Rivetting!

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I decided to try and finish off the denim quilt before starting on anything new so I trimmed and blocked it, made binding, a label embroidered onto a jeans pocket and a hanging sleeve. There were several jeans pockets left over from making the blocks so I was able to have a practice run using the Bernina 710 alphabet and some thick yellow thread.

It is a very heavy quilt to deal with so I shifted my sewing machine table to join up with the big table, supporting the weight while the binding was being sewn onto the front side of the quilt. I find sewing binding onto the back by hand very tedious but it is necessary if considering entering a show.

I abandoned the idea of highlighting one or two words with yellow thread. It would have been very difficult to make a neat job on such a bulky quilt and I reckon it will be more fun to search for all of the words without any clues.

  

A test-run of hammering in a rivet was pretty easy so I hoped that adding rivets to all of the block corners would be a quick job. Let’s just say it was a good job that I ordered far more rivets than I needed because quite a lot of them failed. I decided that it was better if I hammered the seam flat first then poked a hole with an awl. Some of the rivet tacks were a tad shorter than others so they were hopeless, simply getting squashed. I broke a couple of finger nails trying to extract the reject rivets (should have used pliers). I even made a sizeable hole in the quilt where one rivet not only failed but also cut right through so I patched it with denim and ordered some larger jeans buttons to deal with such disaster areas. Bumble was not impressed by all of the banging and swearing. That job is yet to be finished as I am waiting for more rivets and buttons to arrive from Ebay.

The middle of the week proved to be lucky – BzB was awarded 3rd place at Road to California, Fergus was offered an audition for Music College and Freya passed her driving test!!!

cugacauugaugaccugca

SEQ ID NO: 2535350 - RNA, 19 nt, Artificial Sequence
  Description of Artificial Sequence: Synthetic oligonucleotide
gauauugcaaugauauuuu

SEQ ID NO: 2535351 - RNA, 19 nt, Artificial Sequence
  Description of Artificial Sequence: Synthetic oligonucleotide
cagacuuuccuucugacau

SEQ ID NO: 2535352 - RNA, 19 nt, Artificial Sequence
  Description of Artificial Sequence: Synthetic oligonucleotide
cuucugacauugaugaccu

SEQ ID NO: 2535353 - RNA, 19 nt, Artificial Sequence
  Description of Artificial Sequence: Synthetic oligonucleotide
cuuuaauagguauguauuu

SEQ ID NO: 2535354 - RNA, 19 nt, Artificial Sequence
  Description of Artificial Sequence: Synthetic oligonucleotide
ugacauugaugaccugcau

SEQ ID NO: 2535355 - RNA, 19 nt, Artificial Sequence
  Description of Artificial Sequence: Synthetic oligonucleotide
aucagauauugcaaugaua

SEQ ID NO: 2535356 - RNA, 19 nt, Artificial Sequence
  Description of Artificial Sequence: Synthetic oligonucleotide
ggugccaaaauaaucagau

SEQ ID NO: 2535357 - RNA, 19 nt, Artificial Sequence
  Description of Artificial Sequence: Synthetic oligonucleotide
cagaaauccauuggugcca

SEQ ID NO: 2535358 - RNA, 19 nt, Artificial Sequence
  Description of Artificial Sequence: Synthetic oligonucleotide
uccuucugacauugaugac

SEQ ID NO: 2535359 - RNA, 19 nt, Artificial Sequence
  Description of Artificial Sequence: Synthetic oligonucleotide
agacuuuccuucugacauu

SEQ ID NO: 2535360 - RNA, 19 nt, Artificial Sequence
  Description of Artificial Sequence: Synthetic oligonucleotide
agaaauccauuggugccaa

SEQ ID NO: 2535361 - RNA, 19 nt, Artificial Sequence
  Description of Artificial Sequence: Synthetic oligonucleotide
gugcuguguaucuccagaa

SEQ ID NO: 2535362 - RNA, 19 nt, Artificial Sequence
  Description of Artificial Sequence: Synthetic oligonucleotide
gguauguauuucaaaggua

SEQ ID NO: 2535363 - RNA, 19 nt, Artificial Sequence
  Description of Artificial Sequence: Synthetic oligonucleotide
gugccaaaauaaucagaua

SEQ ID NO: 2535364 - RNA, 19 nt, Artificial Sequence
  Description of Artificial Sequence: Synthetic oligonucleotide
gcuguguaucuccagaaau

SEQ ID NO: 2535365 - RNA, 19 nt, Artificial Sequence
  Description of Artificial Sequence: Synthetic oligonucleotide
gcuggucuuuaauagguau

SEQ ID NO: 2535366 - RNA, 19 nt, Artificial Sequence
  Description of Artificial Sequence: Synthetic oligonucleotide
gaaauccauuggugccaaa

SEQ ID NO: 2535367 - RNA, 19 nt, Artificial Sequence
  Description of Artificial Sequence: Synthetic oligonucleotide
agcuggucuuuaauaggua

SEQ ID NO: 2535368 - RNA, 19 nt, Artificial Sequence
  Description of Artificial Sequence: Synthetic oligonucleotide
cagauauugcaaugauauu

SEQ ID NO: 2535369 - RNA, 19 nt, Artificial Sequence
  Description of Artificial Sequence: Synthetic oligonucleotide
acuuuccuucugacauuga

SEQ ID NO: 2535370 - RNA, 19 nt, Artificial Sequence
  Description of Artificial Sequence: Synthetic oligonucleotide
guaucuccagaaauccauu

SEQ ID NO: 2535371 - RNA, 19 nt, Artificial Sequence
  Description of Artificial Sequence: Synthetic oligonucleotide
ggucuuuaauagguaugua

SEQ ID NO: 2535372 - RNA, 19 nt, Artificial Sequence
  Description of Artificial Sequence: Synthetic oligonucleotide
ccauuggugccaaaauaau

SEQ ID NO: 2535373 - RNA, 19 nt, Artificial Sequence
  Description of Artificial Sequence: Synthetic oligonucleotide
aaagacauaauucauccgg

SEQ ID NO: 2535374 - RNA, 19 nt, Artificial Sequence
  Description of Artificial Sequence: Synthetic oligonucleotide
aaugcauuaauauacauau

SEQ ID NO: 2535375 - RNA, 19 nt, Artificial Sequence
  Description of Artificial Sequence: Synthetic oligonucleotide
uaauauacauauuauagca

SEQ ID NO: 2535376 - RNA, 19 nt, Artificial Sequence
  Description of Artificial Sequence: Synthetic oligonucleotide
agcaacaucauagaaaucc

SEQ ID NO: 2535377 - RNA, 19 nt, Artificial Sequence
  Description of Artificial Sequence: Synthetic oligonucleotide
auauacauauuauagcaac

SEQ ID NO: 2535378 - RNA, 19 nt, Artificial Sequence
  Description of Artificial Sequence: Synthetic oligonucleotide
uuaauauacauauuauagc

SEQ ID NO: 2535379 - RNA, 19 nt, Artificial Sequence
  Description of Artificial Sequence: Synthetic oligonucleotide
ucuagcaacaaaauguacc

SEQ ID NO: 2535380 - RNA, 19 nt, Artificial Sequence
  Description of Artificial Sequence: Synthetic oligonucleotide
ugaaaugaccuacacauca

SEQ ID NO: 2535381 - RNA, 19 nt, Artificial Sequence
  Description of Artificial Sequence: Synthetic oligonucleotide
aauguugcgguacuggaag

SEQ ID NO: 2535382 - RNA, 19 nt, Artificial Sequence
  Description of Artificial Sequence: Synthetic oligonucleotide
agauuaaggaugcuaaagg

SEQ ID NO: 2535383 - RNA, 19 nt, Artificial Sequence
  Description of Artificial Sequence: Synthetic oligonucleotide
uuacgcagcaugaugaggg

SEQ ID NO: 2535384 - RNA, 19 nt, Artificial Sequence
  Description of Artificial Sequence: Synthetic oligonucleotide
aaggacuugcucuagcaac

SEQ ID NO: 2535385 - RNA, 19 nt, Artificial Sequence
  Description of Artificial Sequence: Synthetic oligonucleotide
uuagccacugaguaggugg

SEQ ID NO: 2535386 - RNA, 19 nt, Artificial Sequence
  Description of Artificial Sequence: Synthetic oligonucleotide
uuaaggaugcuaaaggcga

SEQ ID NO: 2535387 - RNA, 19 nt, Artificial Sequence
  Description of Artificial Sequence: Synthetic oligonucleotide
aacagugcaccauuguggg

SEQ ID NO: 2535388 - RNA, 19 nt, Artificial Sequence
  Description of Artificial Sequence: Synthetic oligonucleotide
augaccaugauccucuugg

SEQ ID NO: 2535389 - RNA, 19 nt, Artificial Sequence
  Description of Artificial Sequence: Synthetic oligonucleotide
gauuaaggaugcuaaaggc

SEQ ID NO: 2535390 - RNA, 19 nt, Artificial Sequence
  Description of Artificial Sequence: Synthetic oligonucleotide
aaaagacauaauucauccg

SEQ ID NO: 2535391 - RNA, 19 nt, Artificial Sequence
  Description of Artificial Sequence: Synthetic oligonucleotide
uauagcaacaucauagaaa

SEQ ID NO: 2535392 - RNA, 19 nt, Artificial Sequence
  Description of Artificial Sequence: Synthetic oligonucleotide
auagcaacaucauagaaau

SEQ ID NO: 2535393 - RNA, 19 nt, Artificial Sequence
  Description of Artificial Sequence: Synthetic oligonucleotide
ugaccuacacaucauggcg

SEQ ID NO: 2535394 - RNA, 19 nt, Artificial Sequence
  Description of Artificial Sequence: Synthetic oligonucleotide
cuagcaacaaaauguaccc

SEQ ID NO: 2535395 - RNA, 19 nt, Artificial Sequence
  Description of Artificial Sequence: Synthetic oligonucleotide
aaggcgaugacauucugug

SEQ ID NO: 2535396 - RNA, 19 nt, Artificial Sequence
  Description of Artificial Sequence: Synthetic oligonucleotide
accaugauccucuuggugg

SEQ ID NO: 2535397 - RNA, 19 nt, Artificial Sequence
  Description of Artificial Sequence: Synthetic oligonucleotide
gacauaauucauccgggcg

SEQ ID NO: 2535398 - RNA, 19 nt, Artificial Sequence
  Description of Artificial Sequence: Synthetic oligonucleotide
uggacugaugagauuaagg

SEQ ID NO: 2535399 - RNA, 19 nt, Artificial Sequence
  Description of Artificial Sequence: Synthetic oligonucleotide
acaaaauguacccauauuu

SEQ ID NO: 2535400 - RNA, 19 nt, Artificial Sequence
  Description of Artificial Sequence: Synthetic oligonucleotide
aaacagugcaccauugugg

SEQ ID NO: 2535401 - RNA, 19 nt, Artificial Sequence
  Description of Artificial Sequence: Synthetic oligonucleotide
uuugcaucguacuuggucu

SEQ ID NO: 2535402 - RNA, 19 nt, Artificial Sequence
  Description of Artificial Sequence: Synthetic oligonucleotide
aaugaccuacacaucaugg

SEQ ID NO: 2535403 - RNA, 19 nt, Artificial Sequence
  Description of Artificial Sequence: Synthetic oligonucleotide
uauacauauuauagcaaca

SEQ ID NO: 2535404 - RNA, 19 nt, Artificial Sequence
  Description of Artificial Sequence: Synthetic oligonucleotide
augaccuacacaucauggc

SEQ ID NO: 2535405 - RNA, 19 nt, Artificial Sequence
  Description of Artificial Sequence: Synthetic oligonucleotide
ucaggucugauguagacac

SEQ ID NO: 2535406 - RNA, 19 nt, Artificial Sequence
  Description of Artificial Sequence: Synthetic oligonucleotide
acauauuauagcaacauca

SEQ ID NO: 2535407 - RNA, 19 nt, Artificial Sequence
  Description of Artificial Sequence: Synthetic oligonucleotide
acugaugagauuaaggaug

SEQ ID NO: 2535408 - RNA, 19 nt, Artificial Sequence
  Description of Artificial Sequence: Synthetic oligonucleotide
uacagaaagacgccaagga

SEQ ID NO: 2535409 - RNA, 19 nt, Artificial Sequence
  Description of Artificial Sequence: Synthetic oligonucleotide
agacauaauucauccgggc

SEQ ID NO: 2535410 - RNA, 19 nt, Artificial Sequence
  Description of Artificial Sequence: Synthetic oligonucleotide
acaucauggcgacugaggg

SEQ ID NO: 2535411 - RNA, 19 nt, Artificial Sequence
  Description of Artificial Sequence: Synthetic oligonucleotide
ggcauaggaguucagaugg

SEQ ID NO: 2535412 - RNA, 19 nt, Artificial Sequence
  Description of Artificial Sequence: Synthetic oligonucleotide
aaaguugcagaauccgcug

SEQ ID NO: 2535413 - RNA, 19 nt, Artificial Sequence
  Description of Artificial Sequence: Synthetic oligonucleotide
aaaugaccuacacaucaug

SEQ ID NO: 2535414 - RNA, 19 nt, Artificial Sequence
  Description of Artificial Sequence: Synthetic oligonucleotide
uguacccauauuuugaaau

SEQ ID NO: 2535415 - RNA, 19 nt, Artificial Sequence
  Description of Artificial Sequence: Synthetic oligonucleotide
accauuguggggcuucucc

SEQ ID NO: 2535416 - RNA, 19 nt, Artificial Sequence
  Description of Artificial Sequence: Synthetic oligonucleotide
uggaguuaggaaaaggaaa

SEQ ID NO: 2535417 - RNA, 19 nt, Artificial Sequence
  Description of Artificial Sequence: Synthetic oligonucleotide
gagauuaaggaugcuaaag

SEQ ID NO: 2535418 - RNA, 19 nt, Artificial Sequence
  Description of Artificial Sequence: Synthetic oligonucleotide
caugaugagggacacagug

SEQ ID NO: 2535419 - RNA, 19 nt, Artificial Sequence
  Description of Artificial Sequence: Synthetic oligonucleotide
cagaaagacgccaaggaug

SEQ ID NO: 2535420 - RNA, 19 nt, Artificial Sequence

One of Freya’s first trips in the car as a driver was to go and collect 3 ex-battery hens that she had decided to rescue. The hens are 18 months old when “retired” and are either adopted by a charity or slaughtered. They are in a dreadful state – almost bald with no idea how to drink or forage. Sadly, one died overnight but the other 2 have lasted 24 hours with the help of encouragement, a hot water bottle, porridge and fleece jumpers that I made for them. If we can keep them hydrated and warm over the next few days they stand a chance of a far better life…

  

Just when I was on the point of caving in to supply-teaching offers, the first customer quilt of the year came in. I had to piece together some small, embroidered squares and add  spotty fabrics until it was big enough to become a cot quilt, hopefully without having to purchase much additional fabric. It is now ready to quilt and another 2 customer quilts are on their way so I should be able to stay out of school for a wee bit longer;)

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